1968 Airstream Ambassador
Uwe Salwender of Area 52 Productions reconstructed this trailer to be completely functional for work on the road while retaining the vintage appeal of the 1968 shell.
The owners wanted an eco-friendly entertaining space, a premium sound system, separate beds, enough space to store their bicycles inside, a “wonderful galley so we can cook healthy meals,” and dog-friendly material finishes. Most of all, they wanted everything to function safely and comfortably while looking great.
The Ambassador was completely gutted and disassembled, the shell was removed, and all rusted elements were either cleaned, replaced, or rebuilt.
The large capacity tanks needed for extended boondocking include 65 gallon fresh water capacity, 65 gallon grey water, and 35 gallon black water. One goal of Salwender’s was to retain the safe towing aspects of this Airstream by installing the tanks so that the center of gravity would be as close as possible to the wheels. Likewise, the Dometic air conditioner-heat pump was installed under one of the beds to maintain a clean roof line which improves aerodynamics, and translates to a lower cost of fuel while towing. Without an air conditioning unit on the roof, there was space to install a pair of 100 watt solar panels.
The trailer was completely rewired, and completely re-plumbed to accommodate the new septic and fresh water systems. Interior structural parts are made from light weight clear pine and the face frames and edge treatments are made from US maple hardwood. Interior walls and panels are made from maple plywood, providing a light color value and warm surface used also on the cabinetry.
The cork finish floor is a click-type glue-, carcinogen- and gas-free product. It incorporates a barrier layer of cork on the bottom, a stabilizing fiber layer in the center layer and a top layer of cork that does not outgas once it is cured.
The stainless counter top is a star attraction. Although stainless weighs more than plywood laminate or butcher block, it requires very little sub-structure, and can be a stressed load bearing component of the galley cabinetry.
The sleeping area beyond the galley is similar to a Pullman layout, composed of twin beds covered in a grey quilted fabric on each wall in the hall. The well equipped lavatory has a Sealand Traveler Lite porcelain toilet, a small round sink and IKEA faucet in the stainless counter top. A large window provides great light in this area. Custom cabinetry throughout repeats the warm color scheme.
The warm color scheme in the living area is highlighted through Xenon recessed lighting throughout, controlled by pulse-modulated dimmers. A solar powered computer/desk area is tucked into the social space.
1978 Airstream Trade Wind
This 1978 Airstream is the home, office and front door to the great outdoors for architect Matthew Hoffman. A key element of the project was reclamation of existing materials.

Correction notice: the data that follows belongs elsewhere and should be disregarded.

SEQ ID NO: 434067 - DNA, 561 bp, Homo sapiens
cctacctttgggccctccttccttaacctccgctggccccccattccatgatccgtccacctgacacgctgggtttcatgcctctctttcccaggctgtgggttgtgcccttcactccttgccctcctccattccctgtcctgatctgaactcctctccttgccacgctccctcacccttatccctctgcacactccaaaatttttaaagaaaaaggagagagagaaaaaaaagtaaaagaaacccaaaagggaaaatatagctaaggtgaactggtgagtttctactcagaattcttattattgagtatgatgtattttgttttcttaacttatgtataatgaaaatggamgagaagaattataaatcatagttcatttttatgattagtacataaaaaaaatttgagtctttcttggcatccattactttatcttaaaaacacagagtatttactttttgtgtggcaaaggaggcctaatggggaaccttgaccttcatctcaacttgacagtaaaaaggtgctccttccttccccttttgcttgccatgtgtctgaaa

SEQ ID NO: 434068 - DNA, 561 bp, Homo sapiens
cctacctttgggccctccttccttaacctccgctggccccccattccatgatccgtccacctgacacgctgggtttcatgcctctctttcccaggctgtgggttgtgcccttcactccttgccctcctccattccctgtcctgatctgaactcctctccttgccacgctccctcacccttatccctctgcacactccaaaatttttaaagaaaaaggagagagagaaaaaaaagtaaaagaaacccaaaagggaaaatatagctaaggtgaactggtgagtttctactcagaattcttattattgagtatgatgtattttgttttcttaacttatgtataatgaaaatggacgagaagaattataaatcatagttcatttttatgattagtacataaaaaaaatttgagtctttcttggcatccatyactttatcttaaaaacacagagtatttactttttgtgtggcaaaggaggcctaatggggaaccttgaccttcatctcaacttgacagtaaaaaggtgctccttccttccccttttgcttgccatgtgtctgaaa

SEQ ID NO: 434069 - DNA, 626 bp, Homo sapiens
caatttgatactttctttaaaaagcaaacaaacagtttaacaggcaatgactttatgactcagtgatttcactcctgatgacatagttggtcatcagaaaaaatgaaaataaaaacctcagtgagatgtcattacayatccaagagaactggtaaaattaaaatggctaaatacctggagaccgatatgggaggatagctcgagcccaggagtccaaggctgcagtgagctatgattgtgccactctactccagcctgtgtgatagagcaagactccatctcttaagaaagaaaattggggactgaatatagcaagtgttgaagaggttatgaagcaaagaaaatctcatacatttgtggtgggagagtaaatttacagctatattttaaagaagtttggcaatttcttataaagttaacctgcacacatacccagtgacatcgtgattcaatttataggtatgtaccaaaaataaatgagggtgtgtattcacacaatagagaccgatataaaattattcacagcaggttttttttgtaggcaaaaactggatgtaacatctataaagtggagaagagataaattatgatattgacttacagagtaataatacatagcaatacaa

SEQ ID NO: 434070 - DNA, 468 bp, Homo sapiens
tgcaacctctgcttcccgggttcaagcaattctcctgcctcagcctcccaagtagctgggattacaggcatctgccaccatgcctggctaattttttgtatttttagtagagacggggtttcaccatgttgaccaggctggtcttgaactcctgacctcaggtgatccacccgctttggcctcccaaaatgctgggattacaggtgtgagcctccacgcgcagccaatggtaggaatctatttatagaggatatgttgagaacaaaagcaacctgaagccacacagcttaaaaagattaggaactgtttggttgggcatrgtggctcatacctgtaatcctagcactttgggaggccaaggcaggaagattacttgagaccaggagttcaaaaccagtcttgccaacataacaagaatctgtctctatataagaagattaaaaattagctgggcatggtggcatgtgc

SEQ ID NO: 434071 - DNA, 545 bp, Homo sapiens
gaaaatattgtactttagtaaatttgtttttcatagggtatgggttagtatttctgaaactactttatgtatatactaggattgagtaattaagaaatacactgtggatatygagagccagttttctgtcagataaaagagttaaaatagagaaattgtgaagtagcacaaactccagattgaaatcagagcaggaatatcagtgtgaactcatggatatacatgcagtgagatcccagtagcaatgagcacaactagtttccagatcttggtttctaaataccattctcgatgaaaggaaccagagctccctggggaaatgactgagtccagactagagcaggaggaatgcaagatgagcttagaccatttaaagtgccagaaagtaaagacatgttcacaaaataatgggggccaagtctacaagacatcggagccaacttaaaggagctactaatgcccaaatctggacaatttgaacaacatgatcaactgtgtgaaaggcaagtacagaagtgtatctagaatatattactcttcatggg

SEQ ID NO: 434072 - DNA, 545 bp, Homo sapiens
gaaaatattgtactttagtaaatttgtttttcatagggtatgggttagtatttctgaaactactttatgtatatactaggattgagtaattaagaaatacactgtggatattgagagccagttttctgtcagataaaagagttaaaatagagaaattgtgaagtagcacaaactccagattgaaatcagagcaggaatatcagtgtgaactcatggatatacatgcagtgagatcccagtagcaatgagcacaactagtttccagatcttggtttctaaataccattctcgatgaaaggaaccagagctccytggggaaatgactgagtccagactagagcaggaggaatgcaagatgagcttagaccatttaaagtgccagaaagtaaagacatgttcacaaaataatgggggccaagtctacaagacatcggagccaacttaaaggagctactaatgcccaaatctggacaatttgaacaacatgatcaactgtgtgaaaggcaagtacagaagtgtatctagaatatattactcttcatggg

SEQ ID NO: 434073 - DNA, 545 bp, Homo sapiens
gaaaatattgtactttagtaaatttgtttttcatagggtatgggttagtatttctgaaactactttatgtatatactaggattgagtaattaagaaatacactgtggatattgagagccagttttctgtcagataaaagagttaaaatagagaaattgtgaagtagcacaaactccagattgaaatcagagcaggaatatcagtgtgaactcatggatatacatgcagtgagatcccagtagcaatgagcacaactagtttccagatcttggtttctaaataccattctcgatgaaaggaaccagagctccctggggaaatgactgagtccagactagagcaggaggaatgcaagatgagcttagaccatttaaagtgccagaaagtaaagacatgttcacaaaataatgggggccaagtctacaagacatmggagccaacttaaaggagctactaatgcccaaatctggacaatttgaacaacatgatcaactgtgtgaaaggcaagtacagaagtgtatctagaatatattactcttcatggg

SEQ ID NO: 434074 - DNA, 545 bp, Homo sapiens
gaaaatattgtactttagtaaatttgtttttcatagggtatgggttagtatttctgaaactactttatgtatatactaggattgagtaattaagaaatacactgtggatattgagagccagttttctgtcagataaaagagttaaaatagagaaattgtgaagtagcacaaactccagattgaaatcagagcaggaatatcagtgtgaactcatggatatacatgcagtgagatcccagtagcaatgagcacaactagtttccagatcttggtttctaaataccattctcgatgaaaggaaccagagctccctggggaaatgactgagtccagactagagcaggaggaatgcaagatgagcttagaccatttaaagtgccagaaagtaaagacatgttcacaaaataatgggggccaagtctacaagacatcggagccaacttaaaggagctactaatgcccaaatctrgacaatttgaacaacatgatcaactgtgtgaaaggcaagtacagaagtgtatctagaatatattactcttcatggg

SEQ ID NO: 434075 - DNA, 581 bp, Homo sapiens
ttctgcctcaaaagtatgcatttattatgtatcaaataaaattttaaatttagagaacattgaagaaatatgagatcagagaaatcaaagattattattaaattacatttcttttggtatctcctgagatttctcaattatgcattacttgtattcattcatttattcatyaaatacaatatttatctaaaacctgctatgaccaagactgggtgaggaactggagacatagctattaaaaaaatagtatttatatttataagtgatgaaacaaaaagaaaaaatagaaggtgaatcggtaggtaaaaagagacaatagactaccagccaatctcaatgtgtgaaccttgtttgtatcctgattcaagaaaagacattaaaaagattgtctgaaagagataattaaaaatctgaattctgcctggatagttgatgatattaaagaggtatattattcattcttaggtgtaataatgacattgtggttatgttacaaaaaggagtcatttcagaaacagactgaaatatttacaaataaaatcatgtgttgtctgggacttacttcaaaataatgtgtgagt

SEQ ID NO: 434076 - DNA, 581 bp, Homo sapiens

The Magritte print (from a 1964 painting titled “Son of Man”) at the entry is a welcoming piece into this architect’s home and office. The 27” iMac can be used to watch movies or draw design plans. The office printer is tucked into a custom-built pullout drawer under the bench seat. Bamboo is used for all flooring, countertops and table. The dinette cushions were hand sewn using Sunbrella indoor-outdoor fabric.
The galley has a Moen stainless steel sink with a Euro-modern chrome 23-inch pull out spray faucet. The other new appliances include an Atwood Wedgewood stainless steel three-burner propane gas cook top, a Norcold refrigerator, and a countertop stainless steel toaster oven. One of Hofmann’s favorite items is the Häfele Kesseböhmer pullout pantry system. Häfele also makes a very slick Moovit drawer box system with cutlery inserts in addition to the overhead cabinets.
The bathroom was Hofmann’s greatest indulgence. Traditional small glass tile is installed over a porous flexible foam with adhesive tar applied to the back. The tile is HotGlass “Classic CartGlass Blended.” An adhesive primer was applied over the wood base of the shower structure. Then the foam backer was adhered and secured with screws every six inches of vertical surface. The mortar for installing the tile was applied directly over the foam. The porosity of the foam allows it to secure to the mortar, and a flexible grout additive decreases the risk of cracking.
The 14” glass vessel sink fits under the single-lever faucet on the Cali Bamboo countertop surface. Water temperatures in the shower are controlled by a Grohe “Euphoria” chrome fixture. Water flow control devices are installed on every water fixture, and a small hot water tank encourages short showers. Lighting is custom LED with two light levels, from ultra-low to high-voltage bright.